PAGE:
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Posted: March 24th, 2017 | Features, News, Top Stories | No Comments

By Jeff Clemetson | Editor

East County exotic animal sanctuary looks to expand

In 1990, Bobbi Brink was searching through a her local Texas newspaper for used restaurant equipment when another classified listing caught her eye and changed the course of her life.

(l to r) Bakari, an African lion; Maverick, a tiger that used to belong to the rapper Tyga; and Albert, a grizzly bear rescued from Cherokee Bear Park Zoo in North Carolina; are residents of the Lions, Tigers and Bears exotic animals sanctuary in Alpine. (Photos by Jeff Clemetson)

“I kept seeing ads for lions, tigers, leopards for sale and so being the animal lover that I am, I wanted to go see what it was about,” Brink said. “I went to a lady’s house and she lived in a mobile home on 5 acres. She had 30 big cats and babies crawling all over the floor. You could take a lion or a cougar home with no permits, nothing. You could just buy a tiger and take it home.”

It was Brink’s first experience with the exotic animal trade and one that eventually led her to open one of the most respected wild animal sanctuaries in the country: Lions, Tigers and Bears located in the Alpine in eastern San Diego County.

Brink has no formal training in zoo keeping or veterinarian work but she has been working hands-on with wild animals since 1990, starting with volunteering for that lady in Texas who bred big cats from her mobile home.

“At first I had no clue, because I didn’t know what she was doing was wrong for like the first three months I was there — but then you quickly start seeing [abuse],” she said.

For example, she said, breeders keep pairs in small enclosures. When the babies are born and their eyes open at eight days old, they yank them from the mother to bring the female back into heat. A tiger will breed every 105, 110 days this way but in the wild, they only breed once every two years.

“They’re continuous breeding machines that make them money and they don’t care who they sell to,” Brink said. “They also intermix the species so they’ll breed lions to tigers, which doesn’t happen in the wild and it’s just sad.”

Lions, Tigers and Bears rescues more than just its namesake animals. Conga, a leopard, is one of 17 species found at the sanctuary. (Photo by Jeff Clemetson)

Lions, Tigers and Bears (LTB) was founded shortly after Bobbi and her husband Mark Brink bought the Alpine ranch in 2003. The first animals they brought there were two tigers named Raja and Natasha who were rescued from a Texas man who bought the cats as a birthday present for his wife.

He never built them a proper habitat because the couple divorced. After several visits from authorities, the man told U.S. Fish and Wildlife that he was going to shoot the tigers but instead was convinced to give Brink 30 days to relocate them from his home in Texas to her new property in Alpine.

Today, LTB is home to 60 animals, “every single one a rescue, a confiscation or surrender,” Brink said.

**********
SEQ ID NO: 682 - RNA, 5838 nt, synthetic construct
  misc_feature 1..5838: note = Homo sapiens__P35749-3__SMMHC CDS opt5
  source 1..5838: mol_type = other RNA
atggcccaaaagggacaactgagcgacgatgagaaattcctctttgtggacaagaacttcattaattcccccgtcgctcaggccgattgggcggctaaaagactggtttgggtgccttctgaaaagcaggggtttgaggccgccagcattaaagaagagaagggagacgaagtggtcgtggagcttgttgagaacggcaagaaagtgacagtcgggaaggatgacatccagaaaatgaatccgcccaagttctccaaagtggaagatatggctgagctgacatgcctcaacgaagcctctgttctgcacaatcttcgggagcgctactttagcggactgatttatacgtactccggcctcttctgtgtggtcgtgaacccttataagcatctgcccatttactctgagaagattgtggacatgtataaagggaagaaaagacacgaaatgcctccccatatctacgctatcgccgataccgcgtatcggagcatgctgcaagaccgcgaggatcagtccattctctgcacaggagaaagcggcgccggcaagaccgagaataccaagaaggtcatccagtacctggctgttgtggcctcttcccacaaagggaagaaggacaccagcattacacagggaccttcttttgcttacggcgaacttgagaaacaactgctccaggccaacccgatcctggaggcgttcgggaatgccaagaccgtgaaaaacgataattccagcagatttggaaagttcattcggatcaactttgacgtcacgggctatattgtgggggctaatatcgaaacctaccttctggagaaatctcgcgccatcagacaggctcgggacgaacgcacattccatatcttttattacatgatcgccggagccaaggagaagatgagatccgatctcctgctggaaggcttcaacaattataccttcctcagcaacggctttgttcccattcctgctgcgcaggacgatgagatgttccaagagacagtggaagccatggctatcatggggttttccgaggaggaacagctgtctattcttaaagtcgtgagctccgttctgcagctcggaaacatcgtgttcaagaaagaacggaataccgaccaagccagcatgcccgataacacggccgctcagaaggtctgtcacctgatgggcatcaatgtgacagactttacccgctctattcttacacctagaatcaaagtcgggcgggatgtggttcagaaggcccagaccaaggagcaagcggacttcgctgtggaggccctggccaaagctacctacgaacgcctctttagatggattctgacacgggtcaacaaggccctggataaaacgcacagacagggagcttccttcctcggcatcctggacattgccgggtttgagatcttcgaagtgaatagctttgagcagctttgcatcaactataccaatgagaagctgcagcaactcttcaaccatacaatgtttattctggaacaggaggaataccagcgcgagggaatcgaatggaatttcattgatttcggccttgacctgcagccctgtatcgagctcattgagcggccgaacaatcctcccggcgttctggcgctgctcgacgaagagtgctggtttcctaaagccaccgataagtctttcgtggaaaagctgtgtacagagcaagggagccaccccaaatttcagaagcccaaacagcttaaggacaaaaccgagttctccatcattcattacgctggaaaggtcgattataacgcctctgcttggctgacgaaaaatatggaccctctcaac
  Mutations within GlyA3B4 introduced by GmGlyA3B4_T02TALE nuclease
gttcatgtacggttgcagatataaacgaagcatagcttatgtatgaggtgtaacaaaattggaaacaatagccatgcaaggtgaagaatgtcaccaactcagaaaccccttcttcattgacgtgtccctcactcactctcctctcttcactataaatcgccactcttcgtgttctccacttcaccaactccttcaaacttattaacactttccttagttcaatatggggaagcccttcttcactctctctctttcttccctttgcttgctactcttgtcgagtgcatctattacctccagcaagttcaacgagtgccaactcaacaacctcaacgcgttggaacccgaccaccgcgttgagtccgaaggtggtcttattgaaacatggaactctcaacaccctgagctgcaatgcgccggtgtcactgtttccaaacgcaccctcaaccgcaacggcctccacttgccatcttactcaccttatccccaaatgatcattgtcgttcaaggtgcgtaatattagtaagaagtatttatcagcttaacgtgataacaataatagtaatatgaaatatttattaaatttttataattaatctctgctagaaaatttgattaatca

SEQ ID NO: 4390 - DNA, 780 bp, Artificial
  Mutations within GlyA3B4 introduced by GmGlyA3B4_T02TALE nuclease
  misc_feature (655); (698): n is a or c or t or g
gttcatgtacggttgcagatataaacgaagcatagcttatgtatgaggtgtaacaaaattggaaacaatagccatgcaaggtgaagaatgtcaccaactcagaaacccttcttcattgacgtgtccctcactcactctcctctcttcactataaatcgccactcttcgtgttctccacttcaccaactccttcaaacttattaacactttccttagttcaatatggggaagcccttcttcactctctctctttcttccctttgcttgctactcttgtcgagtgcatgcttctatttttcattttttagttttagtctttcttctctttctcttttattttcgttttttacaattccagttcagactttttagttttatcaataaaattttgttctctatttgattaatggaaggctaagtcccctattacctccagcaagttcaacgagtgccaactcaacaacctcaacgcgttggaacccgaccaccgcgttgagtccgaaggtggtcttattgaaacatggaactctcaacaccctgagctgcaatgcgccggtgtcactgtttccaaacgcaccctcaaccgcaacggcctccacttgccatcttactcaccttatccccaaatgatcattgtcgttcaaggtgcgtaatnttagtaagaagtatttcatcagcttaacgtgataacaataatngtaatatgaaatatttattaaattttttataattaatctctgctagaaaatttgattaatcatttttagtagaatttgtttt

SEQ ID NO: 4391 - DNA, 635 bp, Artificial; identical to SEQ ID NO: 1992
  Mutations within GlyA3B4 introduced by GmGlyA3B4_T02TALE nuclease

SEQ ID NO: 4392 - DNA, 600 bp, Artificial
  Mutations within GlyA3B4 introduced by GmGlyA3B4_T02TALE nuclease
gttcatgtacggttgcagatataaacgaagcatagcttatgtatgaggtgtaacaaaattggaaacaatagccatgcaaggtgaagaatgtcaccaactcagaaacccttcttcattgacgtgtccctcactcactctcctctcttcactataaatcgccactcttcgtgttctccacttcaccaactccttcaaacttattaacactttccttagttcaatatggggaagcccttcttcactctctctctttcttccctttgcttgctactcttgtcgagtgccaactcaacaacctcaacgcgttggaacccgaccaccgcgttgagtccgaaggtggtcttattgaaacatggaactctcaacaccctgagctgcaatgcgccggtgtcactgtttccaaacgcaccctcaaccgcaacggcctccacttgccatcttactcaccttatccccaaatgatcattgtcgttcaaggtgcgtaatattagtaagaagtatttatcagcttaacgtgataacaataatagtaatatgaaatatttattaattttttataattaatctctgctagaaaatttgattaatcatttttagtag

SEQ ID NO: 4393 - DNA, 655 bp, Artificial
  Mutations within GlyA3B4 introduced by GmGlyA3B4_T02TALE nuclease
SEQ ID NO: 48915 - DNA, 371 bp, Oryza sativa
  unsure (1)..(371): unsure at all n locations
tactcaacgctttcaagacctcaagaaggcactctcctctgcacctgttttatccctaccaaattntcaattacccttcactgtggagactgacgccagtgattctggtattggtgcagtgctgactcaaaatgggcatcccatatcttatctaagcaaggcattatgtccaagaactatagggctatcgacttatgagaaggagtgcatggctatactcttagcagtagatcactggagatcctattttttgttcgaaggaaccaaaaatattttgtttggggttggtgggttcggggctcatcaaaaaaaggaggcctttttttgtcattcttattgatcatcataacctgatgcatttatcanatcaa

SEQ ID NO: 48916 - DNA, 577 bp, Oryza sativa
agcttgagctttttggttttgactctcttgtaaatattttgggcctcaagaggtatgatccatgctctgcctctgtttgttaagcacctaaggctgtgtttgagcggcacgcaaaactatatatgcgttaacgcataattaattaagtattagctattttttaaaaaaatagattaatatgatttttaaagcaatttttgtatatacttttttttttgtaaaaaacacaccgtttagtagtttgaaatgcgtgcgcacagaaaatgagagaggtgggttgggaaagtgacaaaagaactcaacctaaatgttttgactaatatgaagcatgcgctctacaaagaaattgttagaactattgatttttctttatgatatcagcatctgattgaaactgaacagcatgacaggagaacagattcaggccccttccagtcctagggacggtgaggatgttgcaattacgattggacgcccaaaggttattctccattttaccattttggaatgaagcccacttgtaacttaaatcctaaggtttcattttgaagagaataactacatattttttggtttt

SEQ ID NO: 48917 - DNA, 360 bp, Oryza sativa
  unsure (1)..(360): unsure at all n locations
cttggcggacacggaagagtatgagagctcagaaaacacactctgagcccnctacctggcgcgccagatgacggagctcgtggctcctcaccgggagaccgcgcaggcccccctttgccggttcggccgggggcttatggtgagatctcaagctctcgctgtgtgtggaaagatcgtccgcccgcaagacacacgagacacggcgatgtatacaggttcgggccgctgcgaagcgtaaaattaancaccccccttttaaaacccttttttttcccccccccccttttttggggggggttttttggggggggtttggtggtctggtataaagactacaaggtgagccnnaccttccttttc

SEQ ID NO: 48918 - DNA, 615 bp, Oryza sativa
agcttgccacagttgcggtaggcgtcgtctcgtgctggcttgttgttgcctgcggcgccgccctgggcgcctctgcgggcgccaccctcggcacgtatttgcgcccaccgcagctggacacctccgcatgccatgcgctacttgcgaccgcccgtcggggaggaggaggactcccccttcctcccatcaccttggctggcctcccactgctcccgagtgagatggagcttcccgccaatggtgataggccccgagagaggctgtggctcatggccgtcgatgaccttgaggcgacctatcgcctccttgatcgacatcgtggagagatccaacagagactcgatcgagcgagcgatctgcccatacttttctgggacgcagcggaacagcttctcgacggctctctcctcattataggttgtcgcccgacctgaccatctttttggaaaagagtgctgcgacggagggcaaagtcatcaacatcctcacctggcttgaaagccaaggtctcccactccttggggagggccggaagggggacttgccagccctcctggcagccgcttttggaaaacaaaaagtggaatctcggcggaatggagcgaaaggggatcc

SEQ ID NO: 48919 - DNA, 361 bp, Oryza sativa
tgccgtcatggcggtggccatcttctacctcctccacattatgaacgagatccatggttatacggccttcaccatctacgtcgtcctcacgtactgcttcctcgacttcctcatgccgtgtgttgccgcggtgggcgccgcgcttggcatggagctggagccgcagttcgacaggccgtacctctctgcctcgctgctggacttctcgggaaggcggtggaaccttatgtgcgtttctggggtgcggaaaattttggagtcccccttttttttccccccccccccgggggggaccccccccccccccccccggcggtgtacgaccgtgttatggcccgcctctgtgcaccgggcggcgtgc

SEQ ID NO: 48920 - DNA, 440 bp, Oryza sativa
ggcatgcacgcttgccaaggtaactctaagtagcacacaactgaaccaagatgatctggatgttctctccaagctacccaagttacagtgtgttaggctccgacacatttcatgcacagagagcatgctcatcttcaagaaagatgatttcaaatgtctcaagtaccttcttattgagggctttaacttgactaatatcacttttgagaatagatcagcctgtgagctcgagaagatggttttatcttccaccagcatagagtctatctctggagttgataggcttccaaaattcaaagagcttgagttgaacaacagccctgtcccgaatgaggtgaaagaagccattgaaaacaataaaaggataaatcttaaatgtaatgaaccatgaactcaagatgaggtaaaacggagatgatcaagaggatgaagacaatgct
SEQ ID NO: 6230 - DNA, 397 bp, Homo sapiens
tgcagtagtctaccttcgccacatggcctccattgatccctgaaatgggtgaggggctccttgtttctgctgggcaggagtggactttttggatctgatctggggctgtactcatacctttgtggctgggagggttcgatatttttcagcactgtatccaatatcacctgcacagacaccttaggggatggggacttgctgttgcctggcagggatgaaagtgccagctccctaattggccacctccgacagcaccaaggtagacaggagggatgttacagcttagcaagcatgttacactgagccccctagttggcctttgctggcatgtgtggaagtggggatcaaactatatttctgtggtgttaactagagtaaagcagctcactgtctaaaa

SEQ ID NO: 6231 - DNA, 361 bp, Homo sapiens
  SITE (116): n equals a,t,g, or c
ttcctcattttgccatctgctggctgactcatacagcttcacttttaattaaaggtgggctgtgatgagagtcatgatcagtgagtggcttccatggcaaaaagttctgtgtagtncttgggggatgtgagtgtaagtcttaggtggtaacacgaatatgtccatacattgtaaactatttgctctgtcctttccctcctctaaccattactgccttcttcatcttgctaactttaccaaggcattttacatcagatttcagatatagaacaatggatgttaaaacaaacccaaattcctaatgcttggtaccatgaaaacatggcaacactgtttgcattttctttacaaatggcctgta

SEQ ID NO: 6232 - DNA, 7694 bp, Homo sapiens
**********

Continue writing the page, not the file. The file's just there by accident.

There are 17 different species, including African lions, cougars, white and orange tigers, bobcats, a serval Indian cat, black and spotted leopards, American and Himalayan black bears and grizzly bears. The sanctuary is also a rescue for horses, donkeys, miniature horses, sheep, goats and other farm animals.

LTB is also one of the only sanctuaries in the country with a hauler that can transport these types of animals, so it is often called upon to help move animals for other sanctuaries.

“We just did a big sanctuary that closed up in South Dakota,” Brink said. “We moved 200 animals as far as Florida, Texas, Arizona and here from that one rescue.”

Lions, Tigers and Bears founder and director Bobbi Brink. (Photo by Jeff Clemetson)

The cost of running the LTB is around $1.2 million a year with the greatest expenses being electricity, insurance and building new habitats.

“The average to feed one tiger, just food and basic vaccines and flea control, is about $10,000 a year per animal,” Brink said.

The budget is funded entirely by donations, educations programs, a two-bedroom house that is rented to animal lovers at $650 per night and various fundraisers.

LTB is hosting a casino night-themed gala on May 20 that will feature gambling tables, a silent auction, bar, entertainment and, of course, the animals. The gala usually raises about four months’ worth of operating costs, Brink said. There is also a fundraiser at Christmas time and a “spooky” campout in the fall held at the ranch.

Raising money is important right now because the sanctuary is in the middle of an ambitious expansion. The plan includes building more habitats, a feed room, an expanded vet facility and a classroom. Brink said that when completed, LTB will be able to hold 100 more animals.

“When we take an animal, we have to support it for its life,” she said, adding that because the animals can live 20 to 30 years, the sanctuary must have more facilities in order to take in new animals while also providing for existing ones. “We can only take in what we can support.”

A habitat is currently under construction for three new cats coming in this year — one white lion and two lions that are retired circus animals.

Although LTB is not a zoo where people walk up and buy tickets, visitors are welcome by appointment on Wednesdays through Saturdays at 10:30 a.m. and on Fridays and Saturdays at 1:30 p.m.

To make an appointment to visit the sanctuary, to schedule a field trip or other large group visit, or to make a donation, visit lionstigersandbears.org.

—Reach Jeff Clemetson at jeff@sdcnn.com.

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